June 22, 2017

California Supreme Court Rejects On-Call Rest Breaks

California Wage Order 4 requires employers to provide non-exempt hourly employees with a 10-minute, paid rest break for every 3.5 hours worked. But, are California employers required to relieve non-exempt employees of all work-related duties and employer control while on their statutory rest breaks? Can an employer satisfy its obligation if the employer requires its employees to remain on-call during rest breaks? The California Supreme Court addressed both of these questions in Augustus v. ABM Security Services, Inc., concluding that California law prohibits on-duty and on-call rest breaks.

In Augustus, a class of security guards was subject to a policy requiring them “to keep their radios and pagers on, remain vigilant, and respond when needs arose” during rest periods violated state law by failing to provide the plaintiffs with uninterrupted rest periods. The company acknowledged that it maintained such policy, but argued that merely requiring the employees to remain on-call in case an incident arose satisfied its rest period obligations. 

The California Supreme Court held that the phrase “rest period” means just that — “a period of rest.” Therefore, employers must relieve employees of all duties and relinquish control over how they spend their time during rest periods. This much of the decision comports with common sense and the most employers’ practices—employees are free to step away from their work duties for a 10-minute break.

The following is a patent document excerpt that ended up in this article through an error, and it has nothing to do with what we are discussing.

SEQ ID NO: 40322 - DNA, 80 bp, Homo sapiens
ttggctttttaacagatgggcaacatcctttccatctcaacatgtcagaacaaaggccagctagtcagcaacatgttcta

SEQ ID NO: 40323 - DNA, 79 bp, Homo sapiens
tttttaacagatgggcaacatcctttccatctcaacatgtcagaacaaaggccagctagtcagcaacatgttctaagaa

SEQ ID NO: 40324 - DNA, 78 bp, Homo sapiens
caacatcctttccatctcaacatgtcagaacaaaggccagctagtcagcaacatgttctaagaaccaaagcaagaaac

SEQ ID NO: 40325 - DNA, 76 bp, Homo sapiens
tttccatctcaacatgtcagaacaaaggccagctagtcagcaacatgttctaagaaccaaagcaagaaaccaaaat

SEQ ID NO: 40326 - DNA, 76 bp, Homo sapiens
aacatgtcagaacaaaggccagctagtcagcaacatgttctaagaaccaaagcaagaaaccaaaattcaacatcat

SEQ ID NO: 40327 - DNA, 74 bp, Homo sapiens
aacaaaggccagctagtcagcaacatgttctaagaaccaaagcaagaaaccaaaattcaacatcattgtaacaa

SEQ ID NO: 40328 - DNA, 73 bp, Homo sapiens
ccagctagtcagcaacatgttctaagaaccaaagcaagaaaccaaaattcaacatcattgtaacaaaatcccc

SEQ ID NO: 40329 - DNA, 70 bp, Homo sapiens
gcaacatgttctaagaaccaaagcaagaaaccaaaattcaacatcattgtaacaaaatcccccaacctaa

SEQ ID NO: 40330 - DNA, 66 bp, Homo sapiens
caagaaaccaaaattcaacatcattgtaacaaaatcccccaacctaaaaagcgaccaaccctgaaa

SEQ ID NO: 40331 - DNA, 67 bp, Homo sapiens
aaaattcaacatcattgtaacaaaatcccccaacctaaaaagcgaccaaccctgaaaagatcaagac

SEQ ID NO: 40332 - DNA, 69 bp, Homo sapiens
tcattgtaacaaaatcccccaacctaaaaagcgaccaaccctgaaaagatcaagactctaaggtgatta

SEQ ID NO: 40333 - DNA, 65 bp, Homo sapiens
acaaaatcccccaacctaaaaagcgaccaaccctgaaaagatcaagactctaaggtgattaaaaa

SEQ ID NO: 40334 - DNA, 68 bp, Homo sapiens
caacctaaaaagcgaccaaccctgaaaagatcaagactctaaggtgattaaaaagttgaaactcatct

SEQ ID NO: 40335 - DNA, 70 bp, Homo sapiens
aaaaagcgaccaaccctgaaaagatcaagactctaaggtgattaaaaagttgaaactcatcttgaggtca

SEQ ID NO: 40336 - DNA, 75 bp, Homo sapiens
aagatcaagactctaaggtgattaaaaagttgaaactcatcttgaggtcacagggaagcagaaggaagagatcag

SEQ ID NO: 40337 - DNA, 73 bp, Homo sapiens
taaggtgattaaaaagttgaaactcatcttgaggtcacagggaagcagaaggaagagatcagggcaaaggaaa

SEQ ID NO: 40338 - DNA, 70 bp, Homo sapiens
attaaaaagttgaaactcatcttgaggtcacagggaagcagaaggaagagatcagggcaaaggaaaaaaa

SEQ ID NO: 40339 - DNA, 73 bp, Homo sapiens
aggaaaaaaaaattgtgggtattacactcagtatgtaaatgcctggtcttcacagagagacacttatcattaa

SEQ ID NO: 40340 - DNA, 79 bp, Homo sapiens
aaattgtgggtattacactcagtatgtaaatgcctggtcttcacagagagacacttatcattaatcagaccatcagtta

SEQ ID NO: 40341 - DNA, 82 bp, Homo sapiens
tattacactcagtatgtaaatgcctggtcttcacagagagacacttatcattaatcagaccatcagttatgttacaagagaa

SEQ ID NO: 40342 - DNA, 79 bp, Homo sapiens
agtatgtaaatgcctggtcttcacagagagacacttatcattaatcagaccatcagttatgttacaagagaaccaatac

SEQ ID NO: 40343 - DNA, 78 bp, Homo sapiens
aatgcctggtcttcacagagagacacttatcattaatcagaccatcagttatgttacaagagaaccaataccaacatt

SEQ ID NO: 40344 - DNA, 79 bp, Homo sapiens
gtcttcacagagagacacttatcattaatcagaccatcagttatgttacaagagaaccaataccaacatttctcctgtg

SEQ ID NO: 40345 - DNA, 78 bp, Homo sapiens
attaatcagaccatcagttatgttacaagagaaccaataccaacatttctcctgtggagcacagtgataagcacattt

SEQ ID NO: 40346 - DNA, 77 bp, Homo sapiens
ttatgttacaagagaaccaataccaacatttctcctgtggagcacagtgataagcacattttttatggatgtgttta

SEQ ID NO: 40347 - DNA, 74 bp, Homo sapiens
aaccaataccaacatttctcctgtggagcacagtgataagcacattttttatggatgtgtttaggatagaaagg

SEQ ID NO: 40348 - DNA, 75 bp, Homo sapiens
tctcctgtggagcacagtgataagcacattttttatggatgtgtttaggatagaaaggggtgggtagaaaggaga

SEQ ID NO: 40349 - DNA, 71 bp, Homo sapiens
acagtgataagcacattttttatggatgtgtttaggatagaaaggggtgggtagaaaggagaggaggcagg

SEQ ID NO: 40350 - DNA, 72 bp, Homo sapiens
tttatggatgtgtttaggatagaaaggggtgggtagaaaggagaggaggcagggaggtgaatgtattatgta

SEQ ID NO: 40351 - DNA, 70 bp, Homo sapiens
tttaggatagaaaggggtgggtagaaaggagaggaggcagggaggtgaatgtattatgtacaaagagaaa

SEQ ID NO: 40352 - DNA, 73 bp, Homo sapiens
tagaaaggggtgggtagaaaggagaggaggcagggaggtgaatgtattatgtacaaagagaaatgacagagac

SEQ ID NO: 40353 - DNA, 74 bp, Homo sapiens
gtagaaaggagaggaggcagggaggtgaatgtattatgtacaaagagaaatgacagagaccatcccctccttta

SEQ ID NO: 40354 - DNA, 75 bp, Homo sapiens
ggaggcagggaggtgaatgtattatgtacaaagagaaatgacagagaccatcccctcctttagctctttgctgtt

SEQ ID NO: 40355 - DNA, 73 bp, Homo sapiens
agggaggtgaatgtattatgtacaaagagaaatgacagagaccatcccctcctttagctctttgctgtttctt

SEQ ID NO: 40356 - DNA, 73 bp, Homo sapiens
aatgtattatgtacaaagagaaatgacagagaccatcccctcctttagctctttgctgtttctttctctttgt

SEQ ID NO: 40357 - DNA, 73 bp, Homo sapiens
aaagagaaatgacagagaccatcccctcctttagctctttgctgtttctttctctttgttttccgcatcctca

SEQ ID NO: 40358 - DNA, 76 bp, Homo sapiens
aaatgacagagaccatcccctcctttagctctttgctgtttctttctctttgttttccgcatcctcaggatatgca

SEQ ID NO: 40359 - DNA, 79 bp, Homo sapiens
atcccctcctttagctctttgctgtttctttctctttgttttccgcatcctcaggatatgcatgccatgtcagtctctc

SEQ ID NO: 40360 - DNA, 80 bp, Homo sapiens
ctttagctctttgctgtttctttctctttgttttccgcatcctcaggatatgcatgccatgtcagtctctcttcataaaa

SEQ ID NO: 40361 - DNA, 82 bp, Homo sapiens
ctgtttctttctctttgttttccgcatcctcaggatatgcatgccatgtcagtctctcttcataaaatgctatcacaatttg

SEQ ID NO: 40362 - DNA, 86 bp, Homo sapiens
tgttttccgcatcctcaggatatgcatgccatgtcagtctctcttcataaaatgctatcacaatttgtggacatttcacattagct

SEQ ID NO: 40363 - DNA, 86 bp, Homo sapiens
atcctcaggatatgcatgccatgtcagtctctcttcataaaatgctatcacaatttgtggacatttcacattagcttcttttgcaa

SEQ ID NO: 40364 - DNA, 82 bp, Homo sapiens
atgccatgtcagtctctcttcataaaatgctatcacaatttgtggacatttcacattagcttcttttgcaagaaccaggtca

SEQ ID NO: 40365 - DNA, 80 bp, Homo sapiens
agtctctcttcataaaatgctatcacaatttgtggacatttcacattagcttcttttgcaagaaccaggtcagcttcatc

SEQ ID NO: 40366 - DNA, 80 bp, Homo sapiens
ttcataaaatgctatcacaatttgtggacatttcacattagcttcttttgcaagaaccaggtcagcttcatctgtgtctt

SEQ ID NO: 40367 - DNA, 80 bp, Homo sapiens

The remainder of the case is of more concern for employers with non-exempt employees who are required to be available or on-call while taking their breaks and drew a sharp dissent from two of the justices. Despite the fact that there was no evidence that any employee’s rest period was ever actually interrupted in Augustus, the California Supreme Court ruled that an employer cannot satisfy its obligations to relieve employees of all work-related duties, but still require employees to remain on-call during rest periods. The Court reasoned that because the employees were required to carry a device or make arrangements so the employer could reach them during the break, they were not freed from employer control over how they spend their time. Employers cannot compel employees “to remain at the ready, tethered by time and policy to particular locations or communications devices…” the Court noted.

The dissent interpreted the majority opinion to entail a “categorical ban on requiring an employee to carry a pager or other portable communication device, without more, is inherently incompatible with the requirement to provide a duty-free rest period—even if the pager never sounds or the phone never rings.” A requirement that employees remain reachable “is not ‘work’ for purposes of wage and hour laws” the dissent stated. It is not clear whether the Court intended to draw such a hard line.

In light of the court’s holding, California employers should review their rest period policies and practices. Care should be taken to avoid any policies or procedures that appear to impose work duties or exert control over employee activities during a rest break. In particular, employers should revisit any on-call requirements imposed on employees while on rest breaks and also review their pay practices to ensure that employees are provided premium pay when they are not provided fully compliant rest breaks.